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I'd looking to emulate the standard google visualization table header row behavior, but have it apply to the first column. This doesn't seem to be a built-in feature, but I'm wondering if it can be accomplished with some custom CSS?

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3 Answers 3

In some cases the browser gives an error like "$.scrollbarWidth is not a function". Just change it to property. $.scrollbarWidth.

table.draw(data_summary_table, {allowHtml : true, width : '880'});    

function frozenColumn() { 

    var fullTable = $('#summary_table > div > div:first');
    var yHeader = fullTable.clone().insertAfter(fullTable);
    yHeader.css('width', yHeader.find("tr td:first-child").outerWidth())
        .css('height', fullTable.innerHeight() - $.scrollbarWidth)
        .css('position', 'absolute')
        .css('top', '0px')
        .css('left', '0px')
        .css('overflow', 'hidden')

        fullTable.scroll(function() {
        yHeader.scrollTop(fullTable.scrollTop());
        }); 


}

// Attached the event

google.visualization.events.addListener(table, 'ready', frozenColumn);
google.visualization.events.addListener(table, 'page', frozenColumn);
google.visualization.events.addListener(table, 'sort', frozenColumn);
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Instead of using .children() I used .find() and now it is OK. Also, to make it working after column has been sorted, we have to add an event listener and run the whole code again. Here is an exemplary code:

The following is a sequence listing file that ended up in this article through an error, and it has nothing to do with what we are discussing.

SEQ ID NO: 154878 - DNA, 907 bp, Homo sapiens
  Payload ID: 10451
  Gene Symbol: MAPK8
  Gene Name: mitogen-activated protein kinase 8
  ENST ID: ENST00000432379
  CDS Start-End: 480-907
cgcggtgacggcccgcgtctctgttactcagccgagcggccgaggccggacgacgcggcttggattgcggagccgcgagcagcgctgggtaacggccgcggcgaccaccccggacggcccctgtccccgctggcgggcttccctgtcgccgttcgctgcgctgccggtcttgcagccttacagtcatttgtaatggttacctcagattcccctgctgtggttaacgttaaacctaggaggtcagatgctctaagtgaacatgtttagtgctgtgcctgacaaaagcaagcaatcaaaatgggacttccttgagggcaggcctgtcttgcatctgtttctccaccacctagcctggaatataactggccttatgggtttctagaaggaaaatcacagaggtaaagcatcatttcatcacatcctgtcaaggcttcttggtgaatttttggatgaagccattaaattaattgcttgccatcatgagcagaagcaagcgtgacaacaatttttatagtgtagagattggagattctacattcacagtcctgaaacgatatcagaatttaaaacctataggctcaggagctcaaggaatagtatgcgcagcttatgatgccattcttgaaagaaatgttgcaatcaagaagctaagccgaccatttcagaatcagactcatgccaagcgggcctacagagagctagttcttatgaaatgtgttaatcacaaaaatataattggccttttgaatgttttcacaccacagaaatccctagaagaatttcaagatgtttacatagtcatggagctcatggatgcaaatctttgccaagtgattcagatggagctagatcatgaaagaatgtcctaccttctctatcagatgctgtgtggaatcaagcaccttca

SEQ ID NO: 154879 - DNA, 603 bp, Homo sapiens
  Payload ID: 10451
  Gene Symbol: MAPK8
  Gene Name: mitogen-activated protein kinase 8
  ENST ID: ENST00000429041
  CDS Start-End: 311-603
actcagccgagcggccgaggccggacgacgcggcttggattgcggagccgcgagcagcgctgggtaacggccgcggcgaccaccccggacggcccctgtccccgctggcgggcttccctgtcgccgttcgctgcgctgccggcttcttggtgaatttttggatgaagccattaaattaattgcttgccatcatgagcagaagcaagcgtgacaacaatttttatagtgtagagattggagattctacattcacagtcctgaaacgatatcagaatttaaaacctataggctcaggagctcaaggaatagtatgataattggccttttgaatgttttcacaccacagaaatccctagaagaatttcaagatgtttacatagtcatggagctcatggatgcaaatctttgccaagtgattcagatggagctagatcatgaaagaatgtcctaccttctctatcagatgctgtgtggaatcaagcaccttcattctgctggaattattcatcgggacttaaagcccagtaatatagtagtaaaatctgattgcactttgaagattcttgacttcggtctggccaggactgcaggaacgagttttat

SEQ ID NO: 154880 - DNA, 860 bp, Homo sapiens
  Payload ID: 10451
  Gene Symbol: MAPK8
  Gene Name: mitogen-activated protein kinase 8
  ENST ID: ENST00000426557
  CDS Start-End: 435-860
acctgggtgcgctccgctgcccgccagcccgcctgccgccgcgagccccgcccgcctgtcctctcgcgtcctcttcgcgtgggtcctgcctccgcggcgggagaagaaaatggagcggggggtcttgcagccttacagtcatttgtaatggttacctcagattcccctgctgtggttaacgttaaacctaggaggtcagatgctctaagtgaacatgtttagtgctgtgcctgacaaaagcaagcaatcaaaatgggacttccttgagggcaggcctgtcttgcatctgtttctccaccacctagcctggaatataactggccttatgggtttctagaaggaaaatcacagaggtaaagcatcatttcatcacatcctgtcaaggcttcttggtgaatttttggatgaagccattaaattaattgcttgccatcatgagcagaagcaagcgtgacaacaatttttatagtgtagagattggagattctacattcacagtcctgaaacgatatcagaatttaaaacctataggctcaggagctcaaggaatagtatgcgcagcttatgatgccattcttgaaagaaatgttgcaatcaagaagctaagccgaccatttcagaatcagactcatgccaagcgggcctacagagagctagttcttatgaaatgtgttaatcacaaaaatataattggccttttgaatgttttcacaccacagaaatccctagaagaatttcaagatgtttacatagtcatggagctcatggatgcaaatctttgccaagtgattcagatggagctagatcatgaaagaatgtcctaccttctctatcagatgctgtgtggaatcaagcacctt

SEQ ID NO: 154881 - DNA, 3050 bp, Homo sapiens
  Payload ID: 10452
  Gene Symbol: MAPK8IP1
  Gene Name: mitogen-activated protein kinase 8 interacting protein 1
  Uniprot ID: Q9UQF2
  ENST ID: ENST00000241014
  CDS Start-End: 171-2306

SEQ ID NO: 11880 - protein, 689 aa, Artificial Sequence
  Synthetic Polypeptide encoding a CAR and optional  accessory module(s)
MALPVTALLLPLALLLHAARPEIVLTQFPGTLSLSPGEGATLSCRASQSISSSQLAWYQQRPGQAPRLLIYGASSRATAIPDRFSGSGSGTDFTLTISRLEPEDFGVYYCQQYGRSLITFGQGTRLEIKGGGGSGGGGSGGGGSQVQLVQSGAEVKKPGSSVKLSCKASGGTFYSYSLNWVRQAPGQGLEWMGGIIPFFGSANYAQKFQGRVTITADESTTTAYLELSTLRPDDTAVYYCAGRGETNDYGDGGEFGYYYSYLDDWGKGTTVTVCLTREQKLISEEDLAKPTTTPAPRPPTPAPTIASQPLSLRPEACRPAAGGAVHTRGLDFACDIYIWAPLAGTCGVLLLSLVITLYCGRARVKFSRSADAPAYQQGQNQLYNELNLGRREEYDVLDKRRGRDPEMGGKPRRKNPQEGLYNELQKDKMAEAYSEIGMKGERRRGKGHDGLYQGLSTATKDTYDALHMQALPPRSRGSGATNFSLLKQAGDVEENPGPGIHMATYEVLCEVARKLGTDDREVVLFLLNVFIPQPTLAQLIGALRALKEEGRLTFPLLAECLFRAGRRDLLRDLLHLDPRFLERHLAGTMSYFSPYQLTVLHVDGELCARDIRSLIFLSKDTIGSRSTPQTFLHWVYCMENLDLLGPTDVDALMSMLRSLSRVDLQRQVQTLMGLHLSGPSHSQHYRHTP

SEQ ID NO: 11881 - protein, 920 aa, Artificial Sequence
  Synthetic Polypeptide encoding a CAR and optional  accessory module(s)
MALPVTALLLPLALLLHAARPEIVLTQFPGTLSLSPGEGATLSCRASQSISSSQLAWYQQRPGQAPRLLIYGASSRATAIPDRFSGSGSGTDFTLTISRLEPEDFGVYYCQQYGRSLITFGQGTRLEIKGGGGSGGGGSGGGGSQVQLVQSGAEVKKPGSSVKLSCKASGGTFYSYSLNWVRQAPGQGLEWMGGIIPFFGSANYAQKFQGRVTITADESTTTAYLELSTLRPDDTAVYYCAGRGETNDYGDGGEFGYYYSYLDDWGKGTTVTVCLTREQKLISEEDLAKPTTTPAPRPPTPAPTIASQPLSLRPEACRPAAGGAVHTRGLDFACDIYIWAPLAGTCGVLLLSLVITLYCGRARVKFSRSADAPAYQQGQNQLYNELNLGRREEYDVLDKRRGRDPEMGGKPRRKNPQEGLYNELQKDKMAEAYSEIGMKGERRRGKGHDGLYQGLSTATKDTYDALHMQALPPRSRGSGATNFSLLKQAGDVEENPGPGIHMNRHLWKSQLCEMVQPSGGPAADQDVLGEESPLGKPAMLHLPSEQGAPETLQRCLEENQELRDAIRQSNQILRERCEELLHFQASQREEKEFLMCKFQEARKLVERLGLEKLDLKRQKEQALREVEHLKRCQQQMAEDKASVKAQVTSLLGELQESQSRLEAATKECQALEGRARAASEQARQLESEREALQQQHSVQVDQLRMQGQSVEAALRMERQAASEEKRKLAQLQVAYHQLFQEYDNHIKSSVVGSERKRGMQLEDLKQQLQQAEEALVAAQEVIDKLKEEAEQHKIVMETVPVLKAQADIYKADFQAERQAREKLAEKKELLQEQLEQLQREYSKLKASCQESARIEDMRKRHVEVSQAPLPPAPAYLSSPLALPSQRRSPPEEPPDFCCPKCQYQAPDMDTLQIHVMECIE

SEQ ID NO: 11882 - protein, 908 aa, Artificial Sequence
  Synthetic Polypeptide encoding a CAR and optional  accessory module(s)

table.draw(data_summary_table, {allowHtml : true, width : '880'});    

function frozenColumn() {   
var fullTable = $('#summary_table > div > div:first');
var yHeader = fullTable.clone().insertAfter(fullTable);
yHeader.css('width', yHeader.find("tr td:first-child").outerWidth())
       .css('height', fullTable.innerHeight() - $.scrollbarWidth())
       .css('position', 'absolute')
       .css('top', '0px')
       .css('left', '0px')
       .css('overflow', 'hidden')

fullTable.scroll(function() {
  yHeader.scrollTop(fullTable.scrollTop());
}); 

}

frozenColumn();

google.visualization.events.addListener(table, 'sort',
      function(event) {
frozenColumn();
      });
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up vote 3 down vote accepted

I ended up reverse engineering how google was accomplishing the top header. They were creating a copy of the entire table, putting it in a div, absolutely positioning it and setting a height equal to the height of the first row. That accomplishes the effect that when you scroll down the main table it stays fixed at the top.

Side-scrolling is more complicated, because when side-scrolling they need the header to also scroll. CSS doesn't have a mechanism for this (since it's absolutely positioned outside of what's scrolling), so Google's using javascript here.

To emulate this behavior for a fixed column, we first make a third clone of the table. Then we go through some CSS gymnastics to get the width/height & position correct. Finally, we attach a listener to the onScroll event of the main table that scrolls the header table in unison. The $.schollbarWidth() function comes from this plugin.

visualization = new google.visualization.Table(document.getElementById('table'));
visualization.draw(data);

var fullTable = $('#table > div > div:first');
var yHeader = fullTable.clone().insertAfter(fullTable);
yHeader.css('width', yHeader.children('tr td:first').outerWidth())
       .css('height', fullTable.innerHeight() - $.scrollbarWidth())
       .css('position', 'absolute')
       .css('top', '0px')
       .css('left', '0px')
       .css('overflow', 'hidden')

fullTable.scroll(function() {
  yHeader.scrollTop(fullTable.scrollTop());
});
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I can't get this to work. Could you provide this example within the context of a webpage? I just get the table duplicated underneath. Should fullTable be a div or a table element? –  I82Much Oct 17 '11 at 17:51

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